Finding Support

Act Now, Pay Later – When my son entered foster care, I couldn’t think, plan, or stay calm

Before my son entered foster care, I was working full time and going to school full time. I was known for multi-tasking. I never kept a calendar but I could make all appointments and never be late. I was on it. But once child welfare got involved in my life, things went sideways real fast.

After I lost my son, it was like I lost control over my body and mind. I couldn’t focus. I couldn’t … Read More

Handling Your Case

When Stress Is Toxic – Bringing the science of child development into child welfare

BY JEANETTE VEGA with Dominique Arrington and Sharkkarah Harrison

When children are removed from home, parents feel a level of grief and stress that can hardly be explained. Then they often face more stress, with things like losing a job because of mandated services, losing housing and juggling multiple services.

When our bodies feel too much pressure and threat, stress can put us in an “act now, think later” mentality that makes it even harder to … Read More

News

Rise Parent Leaders Deliver Keynote Address to ABA Parent Attorney Conference

Rise parent leaders Nancy Fortunato and Jeanette Vega presented to 400 attorneys at the American Bar Association conference for parent attorneys on April 25. Here is the text of their speech: 

Thank you for the opportunity to present about parents’ perspectives on family court.

The main thing we want you to hear today is that parents come into court feeling powerless. When our children are removed, we feel the ultimate in powerlessness.

To get our children back, we … Read More

ABOUT RISE

Parents whose children enter foster care are largely invisible to the public. Media coverage focuses on horrific tragedies; in fact, more than half of children in foster care safely return home. A more accurate, nuanced picture of who parents are is essential to improving child welfare. Since 2005, Rise has trained parents to write and share their experiences with the child welfare system in order to deepen understanding of fragile families; provide information, healing and encouragement to parents; and guide child welfare professionals in becoming more responsive to the families and communities they serve. Rise amplifies parent voice child welfare reform and changes the story of who these parents are–and can be.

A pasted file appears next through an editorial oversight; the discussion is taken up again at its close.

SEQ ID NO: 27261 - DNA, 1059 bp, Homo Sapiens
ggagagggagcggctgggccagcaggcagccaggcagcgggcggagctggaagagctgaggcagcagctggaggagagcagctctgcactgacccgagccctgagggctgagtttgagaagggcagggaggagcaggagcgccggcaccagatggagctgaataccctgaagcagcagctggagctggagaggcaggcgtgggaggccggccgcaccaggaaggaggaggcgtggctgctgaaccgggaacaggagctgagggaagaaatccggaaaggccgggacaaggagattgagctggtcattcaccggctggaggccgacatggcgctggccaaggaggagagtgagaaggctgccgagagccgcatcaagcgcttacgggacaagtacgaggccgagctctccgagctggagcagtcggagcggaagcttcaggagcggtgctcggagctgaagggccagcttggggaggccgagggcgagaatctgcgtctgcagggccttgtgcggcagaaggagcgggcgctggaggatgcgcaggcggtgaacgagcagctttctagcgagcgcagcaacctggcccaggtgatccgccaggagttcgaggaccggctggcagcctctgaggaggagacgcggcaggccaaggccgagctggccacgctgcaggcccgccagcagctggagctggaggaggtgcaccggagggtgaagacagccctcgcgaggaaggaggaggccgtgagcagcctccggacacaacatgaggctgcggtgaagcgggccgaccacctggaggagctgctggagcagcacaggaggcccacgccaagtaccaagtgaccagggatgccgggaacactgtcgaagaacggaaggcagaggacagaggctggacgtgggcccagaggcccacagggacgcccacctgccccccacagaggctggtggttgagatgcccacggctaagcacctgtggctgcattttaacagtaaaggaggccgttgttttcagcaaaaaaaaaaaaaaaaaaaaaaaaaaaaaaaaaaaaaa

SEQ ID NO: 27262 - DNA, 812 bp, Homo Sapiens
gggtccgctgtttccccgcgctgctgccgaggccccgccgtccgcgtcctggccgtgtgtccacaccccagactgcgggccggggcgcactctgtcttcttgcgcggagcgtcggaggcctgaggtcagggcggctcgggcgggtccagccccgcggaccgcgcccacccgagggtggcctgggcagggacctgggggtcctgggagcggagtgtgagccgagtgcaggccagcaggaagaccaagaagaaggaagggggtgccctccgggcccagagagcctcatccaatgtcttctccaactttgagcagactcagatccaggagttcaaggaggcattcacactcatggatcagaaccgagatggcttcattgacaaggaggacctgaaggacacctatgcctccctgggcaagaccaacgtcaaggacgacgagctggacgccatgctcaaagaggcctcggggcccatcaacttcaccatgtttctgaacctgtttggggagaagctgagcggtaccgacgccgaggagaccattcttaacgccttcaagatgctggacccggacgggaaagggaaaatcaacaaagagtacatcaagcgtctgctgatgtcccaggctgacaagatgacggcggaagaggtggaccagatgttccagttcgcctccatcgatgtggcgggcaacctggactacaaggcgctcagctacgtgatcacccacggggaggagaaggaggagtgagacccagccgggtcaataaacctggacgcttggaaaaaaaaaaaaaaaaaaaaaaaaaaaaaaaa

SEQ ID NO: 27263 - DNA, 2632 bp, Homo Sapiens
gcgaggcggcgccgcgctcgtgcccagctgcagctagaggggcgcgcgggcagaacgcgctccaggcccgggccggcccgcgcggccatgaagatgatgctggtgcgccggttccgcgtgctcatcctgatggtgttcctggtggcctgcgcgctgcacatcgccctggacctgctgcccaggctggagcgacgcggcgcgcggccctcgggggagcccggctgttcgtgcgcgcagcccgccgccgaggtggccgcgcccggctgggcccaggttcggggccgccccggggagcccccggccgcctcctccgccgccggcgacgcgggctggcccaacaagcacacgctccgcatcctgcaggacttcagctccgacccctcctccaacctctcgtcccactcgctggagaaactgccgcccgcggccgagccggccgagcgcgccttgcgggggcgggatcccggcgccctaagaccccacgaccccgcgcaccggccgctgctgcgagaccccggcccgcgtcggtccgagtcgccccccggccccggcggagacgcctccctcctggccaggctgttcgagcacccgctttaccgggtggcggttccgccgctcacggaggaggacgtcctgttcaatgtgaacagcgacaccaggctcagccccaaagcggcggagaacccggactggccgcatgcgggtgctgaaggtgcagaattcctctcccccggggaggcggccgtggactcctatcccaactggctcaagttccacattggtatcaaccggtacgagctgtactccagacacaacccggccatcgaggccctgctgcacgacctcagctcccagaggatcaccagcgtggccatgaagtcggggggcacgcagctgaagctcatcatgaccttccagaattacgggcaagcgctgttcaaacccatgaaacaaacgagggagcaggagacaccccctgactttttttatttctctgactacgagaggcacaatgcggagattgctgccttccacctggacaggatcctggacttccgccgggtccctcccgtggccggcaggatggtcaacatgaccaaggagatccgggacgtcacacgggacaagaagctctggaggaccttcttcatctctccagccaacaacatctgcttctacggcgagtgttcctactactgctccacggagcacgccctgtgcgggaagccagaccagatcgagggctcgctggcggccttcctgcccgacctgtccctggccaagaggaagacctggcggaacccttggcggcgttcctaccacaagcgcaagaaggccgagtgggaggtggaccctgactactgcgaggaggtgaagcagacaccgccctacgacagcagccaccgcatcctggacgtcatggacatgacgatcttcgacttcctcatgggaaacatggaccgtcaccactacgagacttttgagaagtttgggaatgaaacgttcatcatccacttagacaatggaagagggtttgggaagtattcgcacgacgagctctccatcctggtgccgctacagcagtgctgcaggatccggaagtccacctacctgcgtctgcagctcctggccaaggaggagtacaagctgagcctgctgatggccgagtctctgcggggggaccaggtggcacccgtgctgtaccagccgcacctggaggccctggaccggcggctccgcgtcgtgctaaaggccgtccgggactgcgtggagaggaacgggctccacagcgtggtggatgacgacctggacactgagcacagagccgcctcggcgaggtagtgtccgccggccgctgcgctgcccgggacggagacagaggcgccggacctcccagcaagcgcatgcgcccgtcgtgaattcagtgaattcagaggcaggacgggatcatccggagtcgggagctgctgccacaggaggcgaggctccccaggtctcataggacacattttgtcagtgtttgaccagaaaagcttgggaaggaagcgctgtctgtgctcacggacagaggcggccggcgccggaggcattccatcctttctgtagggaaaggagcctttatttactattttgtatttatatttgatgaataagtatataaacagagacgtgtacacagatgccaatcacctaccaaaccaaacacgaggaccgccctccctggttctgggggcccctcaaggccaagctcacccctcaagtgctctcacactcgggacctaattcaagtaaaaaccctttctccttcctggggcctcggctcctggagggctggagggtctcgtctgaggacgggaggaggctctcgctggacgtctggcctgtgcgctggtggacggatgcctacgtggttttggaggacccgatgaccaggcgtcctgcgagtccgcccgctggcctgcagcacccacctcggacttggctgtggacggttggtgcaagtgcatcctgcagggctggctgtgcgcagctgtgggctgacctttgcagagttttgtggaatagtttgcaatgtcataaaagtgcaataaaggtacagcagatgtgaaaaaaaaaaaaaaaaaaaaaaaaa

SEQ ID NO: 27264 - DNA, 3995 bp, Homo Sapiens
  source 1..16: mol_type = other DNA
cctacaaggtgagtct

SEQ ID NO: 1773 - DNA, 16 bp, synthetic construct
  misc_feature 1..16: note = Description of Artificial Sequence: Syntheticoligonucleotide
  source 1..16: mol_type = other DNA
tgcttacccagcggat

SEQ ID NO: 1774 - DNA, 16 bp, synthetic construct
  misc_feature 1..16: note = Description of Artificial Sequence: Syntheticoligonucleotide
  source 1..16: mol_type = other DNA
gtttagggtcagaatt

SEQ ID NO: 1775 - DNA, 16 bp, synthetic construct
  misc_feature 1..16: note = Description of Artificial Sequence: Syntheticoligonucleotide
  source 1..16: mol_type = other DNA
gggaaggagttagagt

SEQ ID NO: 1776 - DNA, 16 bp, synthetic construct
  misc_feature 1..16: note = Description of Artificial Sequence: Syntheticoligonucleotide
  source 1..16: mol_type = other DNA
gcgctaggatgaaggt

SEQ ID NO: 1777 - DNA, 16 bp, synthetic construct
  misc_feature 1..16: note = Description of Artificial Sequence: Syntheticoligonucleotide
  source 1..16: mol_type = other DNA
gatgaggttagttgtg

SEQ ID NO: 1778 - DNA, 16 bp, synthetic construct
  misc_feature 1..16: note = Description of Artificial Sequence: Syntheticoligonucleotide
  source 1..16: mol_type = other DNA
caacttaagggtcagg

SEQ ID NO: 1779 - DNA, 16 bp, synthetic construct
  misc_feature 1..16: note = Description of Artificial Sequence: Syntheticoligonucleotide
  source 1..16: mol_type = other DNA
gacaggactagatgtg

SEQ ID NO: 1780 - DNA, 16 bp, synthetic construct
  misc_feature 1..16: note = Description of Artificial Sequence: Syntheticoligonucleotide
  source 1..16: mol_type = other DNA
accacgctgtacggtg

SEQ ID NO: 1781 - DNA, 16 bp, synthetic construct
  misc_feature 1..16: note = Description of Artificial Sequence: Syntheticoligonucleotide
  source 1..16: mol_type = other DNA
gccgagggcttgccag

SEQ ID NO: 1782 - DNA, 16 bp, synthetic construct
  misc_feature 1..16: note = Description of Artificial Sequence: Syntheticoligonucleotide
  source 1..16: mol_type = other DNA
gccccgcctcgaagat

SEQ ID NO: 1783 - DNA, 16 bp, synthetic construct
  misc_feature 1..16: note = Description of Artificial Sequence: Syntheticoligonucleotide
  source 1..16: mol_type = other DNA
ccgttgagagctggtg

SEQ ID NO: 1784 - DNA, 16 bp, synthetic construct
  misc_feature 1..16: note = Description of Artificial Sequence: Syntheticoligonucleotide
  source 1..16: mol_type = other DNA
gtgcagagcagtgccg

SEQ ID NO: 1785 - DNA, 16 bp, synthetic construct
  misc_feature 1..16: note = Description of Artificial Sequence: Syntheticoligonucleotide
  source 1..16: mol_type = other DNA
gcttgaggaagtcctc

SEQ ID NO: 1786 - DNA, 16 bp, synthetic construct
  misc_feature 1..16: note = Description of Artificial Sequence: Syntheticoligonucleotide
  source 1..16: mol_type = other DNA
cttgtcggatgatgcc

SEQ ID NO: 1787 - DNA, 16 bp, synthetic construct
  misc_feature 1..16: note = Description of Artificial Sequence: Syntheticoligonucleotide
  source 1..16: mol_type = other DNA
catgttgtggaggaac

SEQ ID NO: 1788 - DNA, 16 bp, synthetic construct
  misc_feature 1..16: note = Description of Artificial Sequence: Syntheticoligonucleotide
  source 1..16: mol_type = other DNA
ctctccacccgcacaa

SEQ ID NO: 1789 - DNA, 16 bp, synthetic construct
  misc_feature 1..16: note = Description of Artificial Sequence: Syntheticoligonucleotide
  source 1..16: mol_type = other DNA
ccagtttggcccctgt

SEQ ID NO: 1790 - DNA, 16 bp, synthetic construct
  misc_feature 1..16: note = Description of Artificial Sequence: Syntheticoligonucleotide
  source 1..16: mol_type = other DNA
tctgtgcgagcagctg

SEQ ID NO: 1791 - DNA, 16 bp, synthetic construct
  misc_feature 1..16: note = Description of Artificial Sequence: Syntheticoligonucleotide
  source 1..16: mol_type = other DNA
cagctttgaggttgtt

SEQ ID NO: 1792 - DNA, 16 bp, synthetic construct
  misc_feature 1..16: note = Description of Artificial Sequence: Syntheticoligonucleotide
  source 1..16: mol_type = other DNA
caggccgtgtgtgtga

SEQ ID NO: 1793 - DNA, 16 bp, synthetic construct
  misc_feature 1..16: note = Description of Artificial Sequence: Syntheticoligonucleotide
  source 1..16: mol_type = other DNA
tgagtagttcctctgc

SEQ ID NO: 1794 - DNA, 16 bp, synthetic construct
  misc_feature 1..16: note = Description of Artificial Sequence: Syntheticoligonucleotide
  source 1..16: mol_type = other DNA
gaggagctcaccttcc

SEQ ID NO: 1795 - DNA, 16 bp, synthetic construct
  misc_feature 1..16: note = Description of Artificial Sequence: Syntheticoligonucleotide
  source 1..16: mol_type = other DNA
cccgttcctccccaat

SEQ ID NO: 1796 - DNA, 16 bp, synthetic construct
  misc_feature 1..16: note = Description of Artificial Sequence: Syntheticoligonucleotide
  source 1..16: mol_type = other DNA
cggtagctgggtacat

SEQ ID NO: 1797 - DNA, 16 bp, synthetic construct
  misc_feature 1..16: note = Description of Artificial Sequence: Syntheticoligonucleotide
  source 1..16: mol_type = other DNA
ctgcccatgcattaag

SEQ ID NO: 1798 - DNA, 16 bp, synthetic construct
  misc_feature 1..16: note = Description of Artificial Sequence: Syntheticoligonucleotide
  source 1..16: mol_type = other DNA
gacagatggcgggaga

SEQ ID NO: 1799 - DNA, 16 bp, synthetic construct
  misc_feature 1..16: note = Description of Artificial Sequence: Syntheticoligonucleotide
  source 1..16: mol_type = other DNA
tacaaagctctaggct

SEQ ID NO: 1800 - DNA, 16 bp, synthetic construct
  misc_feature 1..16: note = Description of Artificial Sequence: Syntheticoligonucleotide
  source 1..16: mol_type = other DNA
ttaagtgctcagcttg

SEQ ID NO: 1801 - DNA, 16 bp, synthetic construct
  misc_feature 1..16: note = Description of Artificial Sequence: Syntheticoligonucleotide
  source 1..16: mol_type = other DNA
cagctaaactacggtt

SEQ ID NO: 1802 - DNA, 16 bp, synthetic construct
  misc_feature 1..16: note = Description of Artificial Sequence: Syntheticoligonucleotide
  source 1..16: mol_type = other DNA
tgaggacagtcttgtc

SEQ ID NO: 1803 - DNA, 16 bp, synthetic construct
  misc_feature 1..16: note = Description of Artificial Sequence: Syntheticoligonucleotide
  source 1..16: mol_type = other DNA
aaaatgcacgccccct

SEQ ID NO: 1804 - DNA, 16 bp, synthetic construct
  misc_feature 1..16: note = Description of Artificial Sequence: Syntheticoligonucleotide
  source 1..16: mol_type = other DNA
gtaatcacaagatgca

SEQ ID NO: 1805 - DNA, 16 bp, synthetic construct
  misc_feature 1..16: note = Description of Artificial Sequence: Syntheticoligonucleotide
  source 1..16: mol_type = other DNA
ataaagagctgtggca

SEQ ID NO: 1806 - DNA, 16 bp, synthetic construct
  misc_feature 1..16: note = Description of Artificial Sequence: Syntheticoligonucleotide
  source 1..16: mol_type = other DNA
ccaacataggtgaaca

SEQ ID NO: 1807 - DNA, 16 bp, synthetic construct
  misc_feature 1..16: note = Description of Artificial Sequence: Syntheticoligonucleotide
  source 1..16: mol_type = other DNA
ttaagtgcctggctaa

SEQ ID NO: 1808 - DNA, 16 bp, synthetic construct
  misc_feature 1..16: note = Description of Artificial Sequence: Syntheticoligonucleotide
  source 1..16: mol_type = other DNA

Staff Training

Setting Parents Up for Success in Visits

Rise’s visiting TIPS are designed to inform parents and support positive communication between parents and caseworkers. Reviewing Making the Most of Visits when parents first start visiting children in foster care can help parents understand what’s expected in visits and how other parents have made visits as positive as possible.

Parents come to foster care agencies experiencing not only the trauma of losing their child but also the confusion of navigating a complex system. Parents must:

• Keep track of … Read More

Advocacy

Strengthening the System through Parent Voice – The more child welfare can support parents using their voices during their case, the better equipped they’ll be to solve problems down the road

This is a speech Jeanette gave at the Schuyler Center as part of a panel on innovations in child welfare reform.

Today I will talk to you about what’s needed in child welfare reform from a parent’s perspective. That is voice—parents having a powerful voice in their cases and in the system.

You might be thinking, why does a parent need a voice?

I’m sure you hear us all the time screaming, fighting and arguing at the agencies. … Read More

Partners

‘We’ve come to see Rise as an organization that’s very thoughtful about how to do sophisticated training with caseworkers that has a real impact.’

Interview with Elizabeth McCarthy, CEO, and Jane Golden, Chief Program Officer at Sheltering Arms in New York City

Jane: For the past two years, our foster care staff have participated in writing groups led by Rise’s Editorial Director, Rachel Blustain. The group allowed the caseworkers to talk about what it’s like to do their job and to write stories about their experiences working with parents with children in foster care.

Elizabeth: We wanted to give staff an … Read More

Partners

‘Rise Is a Good Dose of Reality’ – How our partnership with CSSP brings parents’ perspectives into policy

Interview with Steve Cohen, Lisa Primus and Martha Raimon

Martha: The Center for the Study of Social Policy (CSSP) is a nonprofit designed to influence public policy that affects children and families, and to provide technical assistance to states and jurisdictions testing new ideas and policies in child welfare, early childhood education and community development.

The Center is always looking to embed more authentic parent and youth voice in our work, and that’s a work in progress. We rely … Read More

Go to About Rise

WATCH OUR VIDEO “In Our Own Words”

Stories by Frontline Staff

Caseworkers play such an important role in whether parents succeed in getting their children home from foster care. To build parents’ understanding of caseworkers and workers’ understanding of parents, Rise ran two writing groups for frontline staff at the NYC agency Sheltering Arms. These stories show the challenges caseworkers face, as well as ways they’ve overcome those challenges.

READ THE SERIES:

Transparency and Trust – As a caseplanner, I know I have power over parents’ lives – and I try to share it.

Making a Connection – A moment of understanding changed my relationship with an angry father.

Partners in Planning – When parents are supported to participate in planning, we can make better decisions.

Overwhelmed – High caseloads and paperwork make it hard to invest in human connections.

Meeting Parents Where They Are – Accepting my own feelings helped me accept the parents I work with.

Safe Enough to Grow – Both parents and caseworkers need to feel supported and accepted.